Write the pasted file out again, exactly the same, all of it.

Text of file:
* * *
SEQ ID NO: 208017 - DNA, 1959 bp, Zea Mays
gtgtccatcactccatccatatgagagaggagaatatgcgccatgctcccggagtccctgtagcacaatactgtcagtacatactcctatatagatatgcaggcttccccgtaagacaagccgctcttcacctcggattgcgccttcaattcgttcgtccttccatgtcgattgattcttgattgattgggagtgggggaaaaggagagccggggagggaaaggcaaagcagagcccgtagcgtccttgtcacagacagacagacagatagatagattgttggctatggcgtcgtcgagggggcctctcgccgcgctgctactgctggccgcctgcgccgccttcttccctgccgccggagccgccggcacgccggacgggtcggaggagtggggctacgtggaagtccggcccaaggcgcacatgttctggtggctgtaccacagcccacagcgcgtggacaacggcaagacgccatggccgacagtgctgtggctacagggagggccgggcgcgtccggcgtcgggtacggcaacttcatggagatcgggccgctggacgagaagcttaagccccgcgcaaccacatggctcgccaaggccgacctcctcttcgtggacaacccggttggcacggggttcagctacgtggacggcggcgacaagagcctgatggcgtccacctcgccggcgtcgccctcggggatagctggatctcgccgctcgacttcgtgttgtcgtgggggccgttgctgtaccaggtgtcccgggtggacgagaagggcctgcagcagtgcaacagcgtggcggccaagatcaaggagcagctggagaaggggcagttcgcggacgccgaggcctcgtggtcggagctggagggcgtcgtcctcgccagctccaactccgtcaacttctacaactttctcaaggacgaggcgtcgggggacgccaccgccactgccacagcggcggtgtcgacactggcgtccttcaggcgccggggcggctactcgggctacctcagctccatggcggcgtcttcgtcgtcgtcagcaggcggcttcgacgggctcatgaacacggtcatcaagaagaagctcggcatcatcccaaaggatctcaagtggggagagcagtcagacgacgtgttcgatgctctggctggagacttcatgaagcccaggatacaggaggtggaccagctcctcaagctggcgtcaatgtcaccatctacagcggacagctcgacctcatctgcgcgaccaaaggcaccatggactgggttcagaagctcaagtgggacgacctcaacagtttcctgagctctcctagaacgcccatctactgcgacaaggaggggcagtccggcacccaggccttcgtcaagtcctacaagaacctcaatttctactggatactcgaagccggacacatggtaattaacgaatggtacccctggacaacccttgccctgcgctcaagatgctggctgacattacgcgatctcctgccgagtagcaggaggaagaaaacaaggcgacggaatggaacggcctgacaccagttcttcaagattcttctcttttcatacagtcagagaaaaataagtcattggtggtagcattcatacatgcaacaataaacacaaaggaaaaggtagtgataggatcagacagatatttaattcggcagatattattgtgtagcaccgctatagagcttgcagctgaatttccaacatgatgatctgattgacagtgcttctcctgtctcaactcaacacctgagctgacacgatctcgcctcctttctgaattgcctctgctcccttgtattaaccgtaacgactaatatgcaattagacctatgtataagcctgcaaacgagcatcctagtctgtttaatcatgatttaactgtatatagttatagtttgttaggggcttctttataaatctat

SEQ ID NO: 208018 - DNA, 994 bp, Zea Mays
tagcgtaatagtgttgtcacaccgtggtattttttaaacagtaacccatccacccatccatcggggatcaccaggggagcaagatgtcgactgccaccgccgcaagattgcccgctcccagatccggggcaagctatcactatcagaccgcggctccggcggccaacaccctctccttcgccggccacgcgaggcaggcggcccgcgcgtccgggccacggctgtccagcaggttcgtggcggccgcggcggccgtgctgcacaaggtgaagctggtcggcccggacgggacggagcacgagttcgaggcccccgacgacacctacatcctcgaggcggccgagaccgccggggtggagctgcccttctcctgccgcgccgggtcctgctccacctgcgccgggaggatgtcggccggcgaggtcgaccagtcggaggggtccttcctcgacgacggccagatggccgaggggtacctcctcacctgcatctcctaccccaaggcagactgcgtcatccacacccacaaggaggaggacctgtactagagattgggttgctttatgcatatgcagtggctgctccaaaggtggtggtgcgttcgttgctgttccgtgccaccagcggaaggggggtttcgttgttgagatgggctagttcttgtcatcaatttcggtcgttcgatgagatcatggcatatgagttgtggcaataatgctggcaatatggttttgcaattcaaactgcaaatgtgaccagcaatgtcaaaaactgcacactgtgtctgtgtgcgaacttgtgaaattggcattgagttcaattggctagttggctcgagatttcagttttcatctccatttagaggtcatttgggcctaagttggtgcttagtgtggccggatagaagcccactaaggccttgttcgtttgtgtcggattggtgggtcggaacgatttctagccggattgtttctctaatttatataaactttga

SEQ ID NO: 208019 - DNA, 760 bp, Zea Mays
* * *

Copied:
SEQ ID NO: 208017 - DNA, 1959 bp, Zea Mays
gtgtccatcactccatccatatgagagaggagaatatgcgccatgctcccggagtccctgtagcacaatactgtcagtacatactcctatatagatatgcaggcttccccgtaagacaagccgctcttcacctcggattgcgccttcaattcgttcgtccttccatgtcgattgattcttgattgattgggagtgggggaaaaggagagccggggagggaaaggcaaagcagagcccgtagcgtccttgtcacagacagacagacagatagatagattgttggctatggcgtcgtcgagggggcctctcgccgcgctgctactgctggccgcctgcgccgccttcttccctgccgccggagccgccggcacgccggacgggtcggaggagtggggctacgtggaagtccggcccaaggcgcacatgttctggtggctgtaccacagcccacagcgcgtggacaacggcaagacgccatggccgacagtgctgtggctacagggagggccgggcgcgtccggcgtcgggtacggcaacttcatggagatcgggccgctggacgagaagcttaagccccgcgcaaccacatggctcgccaaggccgacctcctcttcgtggacaacccggttggcacggggttcagctacgtggacggcggcgacaagagcctgatggcgtccacctcgccggcgtcgccctcggggatagctggatctcgccgctcgacttcgtgttgtcgtgggggccgttgctgtaccaggtgtcccgggtggacgagaagggcctgcagcagtgcaacagcgtggcggccaagatcaaggagcagctggagaaggggcagttcgcggacgccgaggcctcgtggtcggagctggagggcgtcgtcctcgccagctccaactccgtcaacttctacaactttctcaaggacgaggcgtcgggggacgccaccgccactgccacagcggcggtgtcgacactggcgtccttcaggcgccggggcggctactcgggctacctcagctccatggcggcgtcttcgtcgtcgtcagcaggcggcttcgacgggctcatgaacacggtcatcaagaagaagctcggcatcatcccaaaggatctcaagtggggagagcagtcagacgacgtgttcgatgctctggctggagacttcatgaagcccaggatacaggaggtggaccagctcctcaagctggcgtcaatgtcaccatctacagcggacagctcgacctcatctgcgcgaccaaaggcaccatggactgggttcagaagctcaagtgggacgacctcaacagtttcctgagctctcctagaacgcccatctactgcgacaaggaggggcagtccggcacccaggccttcgtcaagtcctacaagaacctcaatttctactggatactcgaagccggacacatggtaattaacgaatggtacccctggacaacccttgccctgcgctcaagatgctggctgacattacgcgatctcctgccgagtagcaggaggaagaaaacaaggcgacggaatggaacggcctgacaccagttcttcaagattcttctcttttcatacagtcagagaaaaataagtcattggtggtagcattcatacatgcaacaataaacacaaaggaaaaggtagtgataggatcagacagatatttaattcggcagatattattgtgtagcaccgctatagagcttgcagctgaatttccaacatgatgatctgattgacagtgcttctcctgtctcaactcaacacctgagctgacacgatctcgcctcctttctgaattgcctctgctcccttgtattaaccgtaacgactaatatgcaattagacctatgtataagcctgcaaacgagcatcctagtctgtttaatcatgatttaactgtatatagttatagtttgttaggggcttctttataaatctat

SEQ ID NO: 208018 - DNA, 994 bp, Zea Mays
tagcgtaatagtgttgtcacaccgtggtattttttaaacagtaacccatccacccatccatcggggatcaccaggggagcaagatgtcgactgccaccgccgcaagattgcccgctcccagatccggggcaagctatcactatcagaccgcggctccggcggccaacaccctctccttcgccggccacgcgaggcaggcggcccgcgcgtccgggccacggctgtccagcaggttcgtggcggccgcggcggccgtgctgcacaaggtgaagctggtcggcccggacgggacggagcacgagttcgaggcccccgacgacacctacatcctcgaggcggccgagaccgccggggtggagctgcccttctcctgccgcgccgggtcctgctccacctgcgccgggaggatgtcggccggcgaggtcgaccagtcggaggggtccttcctcgacgacggccagatggccgaggggtacctcctcacctgcatctcctaccccaaggcagactgcgtcatccacacccacaaggaggaggacctgtactagagattgggttgctttatgcatatgcagtggctgctccaaaggtggtggtgcgttcgttgctgttccgtgccaccagcggaaggggggtttcgttgttgagatgggctagttcttgtcatcaatttcggtcgttcgatgagatcatggcatatgagttgtggcaataatgctggcaatatggttttgcaattcaaactgcaaatgtgaccagcaatgtcaaaaactgcacactgtgtctgtgtgcgaacttgtgaaattggcattgagttcaattggctagttggctcgagatttcagttttcatctccatttagaggtcatttgggcctaagttggtgcttagtgtggccggatagaagcccactaaggccttgttcgtttgtgtcggattggtgggtcggaacgatttctagccggattgtttctctaatttatataaactttga

SEQ ID NO: 208019 - DNA, 760 bp, Zea Mays